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Panelists Annemieke Farenhorst, Joanne Keselman, Laurie Morris

Outstanding Workplace Stories panel explores collaboration and reconciliation

March 30, 2016 — 

How did you develop your collaborative style? What are some barriers to collaboration? What does reconciliation mean to you? These were some questions addressed by panelists at the March Outstanding Workplace Stories panel, on the topic “Building Workplace Partnerships.” Faculty and staff filled the room.

Speakers for the event were Joanne Keselman, provost and vice-president (academic), Annemieke Farenhorst, professor, department of soil science, and prairie Natural Sciences and Engineering Research Council (NSERC) chair for women in science and engineering, and Laurie Morris, AESES president. Greg Juliano, associate vice-president (human resources), moderated.

Speakers noted that collaboration was important from an early age. Farenhorst completed her undergrad degree in the Netherlands. Participating in student exchanges, she learned about different cultures, and how to be flexible and patient with others. Morris noted that her parents—dad was a principal, mom a nurse—taught her to get involved, to work with others and volunteer.

Barriers to collaboration were explored by all three speakers. Keselman said. “Focus on what you can bring to the collaboration, not what you can get out of it.”

Having time to collaborate can be a challenge, too, said Farenhorst. Though she and her colleagues often discuss new collaborations and are excited about the possibilities, unfortunately not all ideas can be pursued above and beyond their current teaching, research and service activities, she said.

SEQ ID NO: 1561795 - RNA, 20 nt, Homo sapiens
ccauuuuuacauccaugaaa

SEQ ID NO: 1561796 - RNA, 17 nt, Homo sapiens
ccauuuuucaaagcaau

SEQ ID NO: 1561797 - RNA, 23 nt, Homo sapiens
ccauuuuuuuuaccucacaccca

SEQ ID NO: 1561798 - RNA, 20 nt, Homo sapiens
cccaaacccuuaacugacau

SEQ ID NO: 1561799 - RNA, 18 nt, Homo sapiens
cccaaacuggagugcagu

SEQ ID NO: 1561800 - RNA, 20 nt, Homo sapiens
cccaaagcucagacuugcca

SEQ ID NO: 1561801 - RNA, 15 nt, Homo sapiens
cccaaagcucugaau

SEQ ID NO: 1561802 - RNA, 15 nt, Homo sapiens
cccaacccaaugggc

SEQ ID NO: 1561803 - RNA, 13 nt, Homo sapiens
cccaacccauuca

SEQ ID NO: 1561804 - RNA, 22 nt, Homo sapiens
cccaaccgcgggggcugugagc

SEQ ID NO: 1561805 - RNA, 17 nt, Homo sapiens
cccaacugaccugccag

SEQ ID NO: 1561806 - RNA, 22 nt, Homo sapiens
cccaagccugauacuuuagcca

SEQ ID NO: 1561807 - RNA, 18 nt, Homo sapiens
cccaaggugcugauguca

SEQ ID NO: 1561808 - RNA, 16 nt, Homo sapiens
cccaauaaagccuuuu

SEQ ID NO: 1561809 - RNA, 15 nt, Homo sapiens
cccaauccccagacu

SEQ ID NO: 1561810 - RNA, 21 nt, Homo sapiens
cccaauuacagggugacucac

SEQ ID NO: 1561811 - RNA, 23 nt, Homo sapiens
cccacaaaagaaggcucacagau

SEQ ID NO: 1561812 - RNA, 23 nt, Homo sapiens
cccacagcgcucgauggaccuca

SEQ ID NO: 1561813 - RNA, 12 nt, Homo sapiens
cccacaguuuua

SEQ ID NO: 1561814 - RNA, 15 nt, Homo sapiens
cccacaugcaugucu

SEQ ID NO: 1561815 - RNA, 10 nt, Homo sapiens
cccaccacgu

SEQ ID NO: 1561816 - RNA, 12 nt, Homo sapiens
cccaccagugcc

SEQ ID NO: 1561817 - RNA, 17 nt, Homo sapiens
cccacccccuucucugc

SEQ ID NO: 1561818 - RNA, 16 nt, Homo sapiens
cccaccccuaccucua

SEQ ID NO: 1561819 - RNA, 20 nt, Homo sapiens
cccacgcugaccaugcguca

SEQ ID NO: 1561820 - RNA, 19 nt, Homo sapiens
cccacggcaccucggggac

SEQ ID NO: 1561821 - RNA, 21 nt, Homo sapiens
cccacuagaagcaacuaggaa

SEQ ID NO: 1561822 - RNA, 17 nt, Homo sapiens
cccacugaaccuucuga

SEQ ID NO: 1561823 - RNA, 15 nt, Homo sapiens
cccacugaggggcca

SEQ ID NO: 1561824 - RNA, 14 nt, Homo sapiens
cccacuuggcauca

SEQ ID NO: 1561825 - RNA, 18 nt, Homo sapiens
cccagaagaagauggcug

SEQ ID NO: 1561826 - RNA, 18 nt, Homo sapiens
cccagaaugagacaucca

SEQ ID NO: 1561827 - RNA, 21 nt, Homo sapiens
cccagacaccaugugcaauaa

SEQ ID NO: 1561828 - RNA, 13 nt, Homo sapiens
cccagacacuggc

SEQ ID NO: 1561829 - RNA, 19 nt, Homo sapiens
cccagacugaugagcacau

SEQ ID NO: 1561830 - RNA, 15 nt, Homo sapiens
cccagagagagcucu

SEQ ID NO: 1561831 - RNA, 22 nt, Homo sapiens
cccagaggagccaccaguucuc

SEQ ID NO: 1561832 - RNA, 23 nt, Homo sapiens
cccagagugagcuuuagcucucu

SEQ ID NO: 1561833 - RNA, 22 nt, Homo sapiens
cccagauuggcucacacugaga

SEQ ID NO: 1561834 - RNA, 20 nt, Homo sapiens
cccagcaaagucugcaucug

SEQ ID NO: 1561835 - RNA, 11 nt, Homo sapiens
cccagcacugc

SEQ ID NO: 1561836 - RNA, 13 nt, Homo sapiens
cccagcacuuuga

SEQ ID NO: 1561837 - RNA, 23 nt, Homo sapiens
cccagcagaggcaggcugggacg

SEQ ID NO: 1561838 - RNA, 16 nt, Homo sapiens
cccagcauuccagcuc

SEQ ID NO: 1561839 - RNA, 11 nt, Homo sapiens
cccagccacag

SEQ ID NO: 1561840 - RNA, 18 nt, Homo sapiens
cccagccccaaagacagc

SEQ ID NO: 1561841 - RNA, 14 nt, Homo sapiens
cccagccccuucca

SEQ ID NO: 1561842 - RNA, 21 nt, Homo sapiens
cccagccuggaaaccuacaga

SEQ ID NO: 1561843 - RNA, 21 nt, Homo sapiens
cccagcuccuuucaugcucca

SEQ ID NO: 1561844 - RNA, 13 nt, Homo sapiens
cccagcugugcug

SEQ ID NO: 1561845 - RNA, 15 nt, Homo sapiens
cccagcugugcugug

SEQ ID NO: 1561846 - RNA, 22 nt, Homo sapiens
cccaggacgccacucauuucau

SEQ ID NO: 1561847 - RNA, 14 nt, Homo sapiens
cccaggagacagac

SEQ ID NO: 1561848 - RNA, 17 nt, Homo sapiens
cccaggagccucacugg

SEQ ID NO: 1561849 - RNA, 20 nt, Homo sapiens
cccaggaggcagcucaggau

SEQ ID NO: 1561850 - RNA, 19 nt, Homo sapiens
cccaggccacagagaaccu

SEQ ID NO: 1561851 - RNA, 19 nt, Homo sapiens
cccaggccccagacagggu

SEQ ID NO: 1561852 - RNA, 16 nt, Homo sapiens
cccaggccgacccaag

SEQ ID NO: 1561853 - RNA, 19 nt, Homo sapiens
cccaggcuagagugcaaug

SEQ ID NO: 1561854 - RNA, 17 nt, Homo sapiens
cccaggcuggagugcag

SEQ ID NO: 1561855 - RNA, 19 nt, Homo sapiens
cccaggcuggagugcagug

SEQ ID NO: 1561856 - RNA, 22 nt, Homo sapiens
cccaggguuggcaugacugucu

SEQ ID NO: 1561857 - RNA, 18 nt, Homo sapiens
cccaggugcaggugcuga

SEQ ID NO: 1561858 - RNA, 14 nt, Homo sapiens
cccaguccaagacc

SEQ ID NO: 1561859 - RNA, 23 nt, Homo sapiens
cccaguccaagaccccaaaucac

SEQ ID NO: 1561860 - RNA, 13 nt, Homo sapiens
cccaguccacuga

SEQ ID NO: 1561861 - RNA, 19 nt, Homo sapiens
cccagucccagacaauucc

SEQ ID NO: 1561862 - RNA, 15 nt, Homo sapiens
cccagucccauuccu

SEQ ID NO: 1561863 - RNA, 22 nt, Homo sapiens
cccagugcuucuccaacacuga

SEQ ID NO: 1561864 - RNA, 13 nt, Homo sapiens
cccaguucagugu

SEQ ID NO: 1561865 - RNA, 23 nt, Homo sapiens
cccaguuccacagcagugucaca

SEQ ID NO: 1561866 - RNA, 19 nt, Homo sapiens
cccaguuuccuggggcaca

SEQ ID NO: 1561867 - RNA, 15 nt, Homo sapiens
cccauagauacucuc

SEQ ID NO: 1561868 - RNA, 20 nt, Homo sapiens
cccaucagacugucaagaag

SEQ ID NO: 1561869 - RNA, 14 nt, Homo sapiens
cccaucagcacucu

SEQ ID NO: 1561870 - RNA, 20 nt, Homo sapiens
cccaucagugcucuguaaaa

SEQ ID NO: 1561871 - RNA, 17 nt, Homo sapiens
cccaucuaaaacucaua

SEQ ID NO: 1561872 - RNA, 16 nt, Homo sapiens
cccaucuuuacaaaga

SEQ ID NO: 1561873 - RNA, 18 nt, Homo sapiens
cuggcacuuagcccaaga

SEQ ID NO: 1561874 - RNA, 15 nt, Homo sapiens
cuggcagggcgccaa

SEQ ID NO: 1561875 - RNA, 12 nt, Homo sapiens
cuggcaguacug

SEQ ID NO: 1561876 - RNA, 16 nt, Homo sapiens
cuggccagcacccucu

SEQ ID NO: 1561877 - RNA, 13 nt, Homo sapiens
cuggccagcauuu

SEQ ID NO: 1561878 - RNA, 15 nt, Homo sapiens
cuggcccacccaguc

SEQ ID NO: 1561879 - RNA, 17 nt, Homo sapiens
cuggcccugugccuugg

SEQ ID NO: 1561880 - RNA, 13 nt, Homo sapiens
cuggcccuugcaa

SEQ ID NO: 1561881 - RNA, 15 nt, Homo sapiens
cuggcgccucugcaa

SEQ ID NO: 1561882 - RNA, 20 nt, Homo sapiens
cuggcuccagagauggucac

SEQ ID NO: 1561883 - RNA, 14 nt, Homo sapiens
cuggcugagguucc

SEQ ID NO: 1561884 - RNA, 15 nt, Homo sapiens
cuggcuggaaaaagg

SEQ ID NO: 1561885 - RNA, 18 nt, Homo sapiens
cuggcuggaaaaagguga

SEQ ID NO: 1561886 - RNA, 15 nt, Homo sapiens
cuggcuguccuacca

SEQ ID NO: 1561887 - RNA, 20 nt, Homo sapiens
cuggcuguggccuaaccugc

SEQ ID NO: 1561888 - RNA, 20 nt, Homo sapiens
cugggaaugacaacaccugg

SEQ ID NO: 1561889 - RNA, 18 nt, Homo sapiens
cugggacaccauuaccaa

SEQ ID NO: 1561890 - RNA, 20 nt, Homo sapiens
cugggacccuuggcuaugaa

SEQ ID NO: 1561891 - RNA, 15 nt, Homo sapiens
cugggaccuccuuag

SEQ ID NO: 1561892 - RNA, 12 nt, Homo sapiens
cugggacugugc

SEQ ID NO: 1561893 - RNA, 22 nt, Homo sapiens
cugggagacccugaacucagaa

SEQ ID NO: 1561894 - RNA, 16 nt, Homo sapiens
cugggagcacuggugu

Morris added that support staff may feel intimidated to collaborate with senior administrators. She encouraged staff to transcend this barrier, however. “Have a voice and share your opinions,” she said. Be respectful, professional, and prepared to back up one’s position with research and data.

Attendees at the panel asked questions. One asked what collaboration and reconciliation means to the speakers in light of the National Centre for Truth and Reconciliation now housed at the U of M.

Farenhorst, who often works with Indigenous communities, noted that collaboration begins with acknowledging past mistakes and listening. Another issue raised was about what might make it easier to attract and retain Indigenous students, faculty and staff. Morris confirmed the need to discuss systemic barriers to Indigenous peoples in the hiring practices for support staff.

Kesselman added “I work as hard as I can — in collaboration with the university and Indigenous communities — to realize the goals of the university’s strategic plan, all of which support reconciliation.”

The University of Manitoba’s priorities, goals and supporting actions are detailed in the strategic plan Taking Our Place.

 

The Outstanding Workplace Series are hosted by learning and organizational development, human resources. If you have suggestions for future topics, please contact David Grad, facilitator and programs coordinator, at 204-474-8468 or david [dot] grad [at] umanitoba [dot] ca 

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